The two-metre sculpture, Dance of Time I, by Spanish artist Salvador Dali is on display at Hastings and Hornby Streets from May to September 2017. The sculpture’s installation was made possible by the Chali-Rosso Art Gallery at 549 Howe St. to help commemorate Canada’s 150th anniversary and perhaps encourage the public to reflect on Canada’s time and place in history.
The gallery owner, Susanna Strem, believes in the accessibility of public art and feels it should not just be restricted to a gallery. At the same time, the Chali-Rosso Art Gallery wants to make the public feel welcome to come into its space and not feel intimidated. Questions and comments are encouraged. Even Strem’s descriptions of the art pieces follow her philosophy of making art accessible. Rather than using the incomprehensible prose we frequently see to describe art pieces, Strem uses language the public can more easily relate to:
On Dance of Time I:
“The melted watch is the most well-known and beloved of Dalí’s iconoclastic images – the artist chose to portray this image consistently throughout his lifetime, beginning in 1932. The ever-present fluidity of time is represented in this sculpture as time not only moving, but dancing in rhythm to the beat of the universe. Universal time knows no limits; it must be remembered that time, as we understand it, is a human notion. Instead, Dalínian time is perpetual and ‘dances on’ stopping for no man, history or even the cosmos.”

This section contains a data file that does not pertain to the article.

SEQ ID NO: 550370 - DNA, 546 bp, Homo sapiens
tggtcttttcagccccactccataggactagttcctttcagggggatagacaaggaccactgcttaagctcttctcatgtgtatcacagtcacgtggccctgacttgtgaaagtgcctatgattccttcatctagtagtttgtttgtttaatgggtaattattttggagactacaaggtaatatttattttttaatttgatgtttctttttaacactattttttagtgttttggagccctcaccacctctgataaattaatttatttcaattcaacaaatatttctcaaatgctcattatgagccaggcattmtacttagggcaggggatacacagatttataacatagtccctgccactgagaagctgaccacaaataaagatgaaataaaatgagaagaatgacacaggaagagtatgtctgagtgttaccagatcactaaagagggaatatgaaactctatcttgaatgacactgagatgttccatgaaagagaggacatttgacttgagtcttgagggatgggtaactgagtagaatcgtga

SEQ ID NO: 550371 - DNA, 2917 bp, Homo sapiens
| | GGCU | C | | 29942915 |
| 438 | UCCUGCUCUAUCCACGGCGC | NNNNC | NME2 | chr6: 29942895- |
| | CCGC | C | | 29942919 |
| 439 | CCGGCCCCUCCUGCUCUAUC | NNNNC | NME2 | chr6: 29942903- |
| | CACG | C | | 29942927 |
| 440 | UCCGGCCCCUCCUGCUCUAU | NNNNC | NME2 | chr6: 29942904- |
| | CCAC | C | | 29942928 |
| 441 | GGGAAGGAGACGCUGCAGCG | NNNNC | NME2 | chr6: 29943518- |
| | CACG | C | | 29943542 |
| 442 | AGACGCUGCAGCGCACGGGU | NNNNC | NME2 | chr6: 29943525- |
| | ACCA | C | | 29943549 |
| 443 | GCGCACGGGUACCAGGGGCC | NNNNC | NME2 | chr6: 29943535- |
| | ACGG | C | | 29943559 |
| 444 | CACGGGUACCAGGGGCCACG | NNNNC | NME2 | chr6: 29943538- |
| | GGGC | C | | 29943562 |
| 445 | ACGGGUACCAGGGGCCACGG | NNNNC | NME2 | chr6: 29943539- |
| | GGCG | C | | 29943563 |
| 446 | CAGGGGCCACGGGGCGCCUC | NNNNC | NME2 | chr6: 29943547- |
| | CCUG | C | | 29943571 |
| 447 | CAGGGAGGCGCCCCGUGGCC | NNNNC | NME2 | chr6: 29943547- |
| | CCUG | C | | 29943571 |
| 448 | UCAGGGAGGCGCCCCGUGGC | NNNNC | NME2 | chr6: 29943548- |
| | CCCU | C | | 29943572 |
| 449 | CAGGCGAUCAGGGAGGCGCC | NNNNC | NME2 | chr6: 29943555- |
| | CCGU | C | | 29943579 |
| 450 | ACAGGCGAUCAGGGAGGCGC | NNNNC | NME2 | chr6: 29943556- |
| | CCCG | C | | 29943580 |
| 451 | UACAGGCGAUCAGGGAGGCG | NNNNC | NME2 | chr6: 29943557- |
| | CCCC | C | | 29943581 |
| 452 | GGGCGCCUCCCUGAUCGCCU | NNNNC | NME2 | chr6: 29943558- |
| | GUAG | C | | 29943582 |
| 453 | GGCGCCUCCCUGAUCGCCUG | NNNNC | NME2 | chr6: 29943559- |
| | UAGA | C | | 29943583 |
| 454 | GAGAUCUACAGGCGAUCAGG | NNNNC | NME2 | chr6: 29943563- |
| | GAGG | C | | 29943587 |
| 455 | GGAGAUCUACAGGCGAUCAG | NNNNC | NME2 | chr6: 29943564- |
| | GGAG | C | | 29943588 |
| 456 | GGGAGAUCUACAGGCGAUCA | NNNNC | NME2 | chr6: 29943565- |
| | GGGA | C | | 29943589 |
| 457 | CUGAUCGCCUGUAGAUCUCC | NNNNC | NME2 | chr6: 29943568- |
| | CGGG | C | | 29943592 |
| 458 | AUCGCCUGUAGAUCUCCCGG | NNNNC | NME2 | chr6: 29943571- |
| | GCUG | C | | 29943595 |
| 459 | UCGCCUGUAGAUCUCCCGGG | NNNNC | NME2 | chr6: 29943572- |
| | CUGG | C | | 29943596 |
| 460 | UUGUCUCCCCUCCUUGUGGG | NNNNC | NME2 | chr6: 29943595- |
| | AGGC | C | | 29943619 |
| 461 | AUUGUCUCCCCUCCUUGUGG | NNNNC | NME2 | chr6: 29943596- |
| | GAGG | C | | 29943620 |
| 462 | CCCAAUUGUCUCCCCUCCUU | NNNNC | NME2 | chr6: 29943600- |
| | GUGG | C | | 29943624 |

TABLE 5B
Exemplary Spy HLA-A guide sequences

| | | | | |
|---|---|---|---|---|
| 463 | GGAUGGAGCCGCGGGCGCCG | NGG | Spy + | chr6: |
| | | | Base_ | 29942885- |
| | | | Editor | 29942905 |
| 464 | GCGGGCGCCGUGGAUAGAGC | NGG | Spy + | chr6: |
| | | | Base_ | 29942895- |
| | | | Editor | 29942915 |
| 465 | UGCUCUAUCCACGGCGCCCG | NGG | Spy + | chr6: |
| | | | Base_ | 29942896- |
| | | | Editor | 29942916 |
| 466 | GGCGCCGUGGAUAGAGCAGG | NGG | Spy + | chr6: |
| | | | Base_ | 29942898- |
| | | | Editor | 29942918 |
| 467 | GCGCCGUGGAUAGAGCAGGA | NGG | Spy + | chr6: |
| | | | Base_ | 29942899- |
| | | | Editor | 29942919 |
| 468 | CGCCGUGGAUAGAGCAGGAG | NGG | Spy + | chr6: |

As we ponder Dance of Time I, maybe it’s 12:30, but in what fluid place in time and space.
At the Challo-Rossi Gallery, we can view 100 additional pieces of Dali’s work including 20 smaller sculptures as well works by Picasso, Chagall, Miro and Matisse.
Salvadore Dali was an iconic surrealist of the 20th century (1904–1989). He was a brilliant and prolific artist who worked not only in sculpture but painting, theatre, film, fashion, photography, architecture, literary works, graphic arts and had a vibrant interest in science and mathematics. Dali was great at doing his own publicity, especially through performance art. Apparently Andy Warhol was dumbfounded when first introduced to some of his performance antics.
Dali led a colourful, eccentric and controversial life but in the process, he made modern art popular and accessible.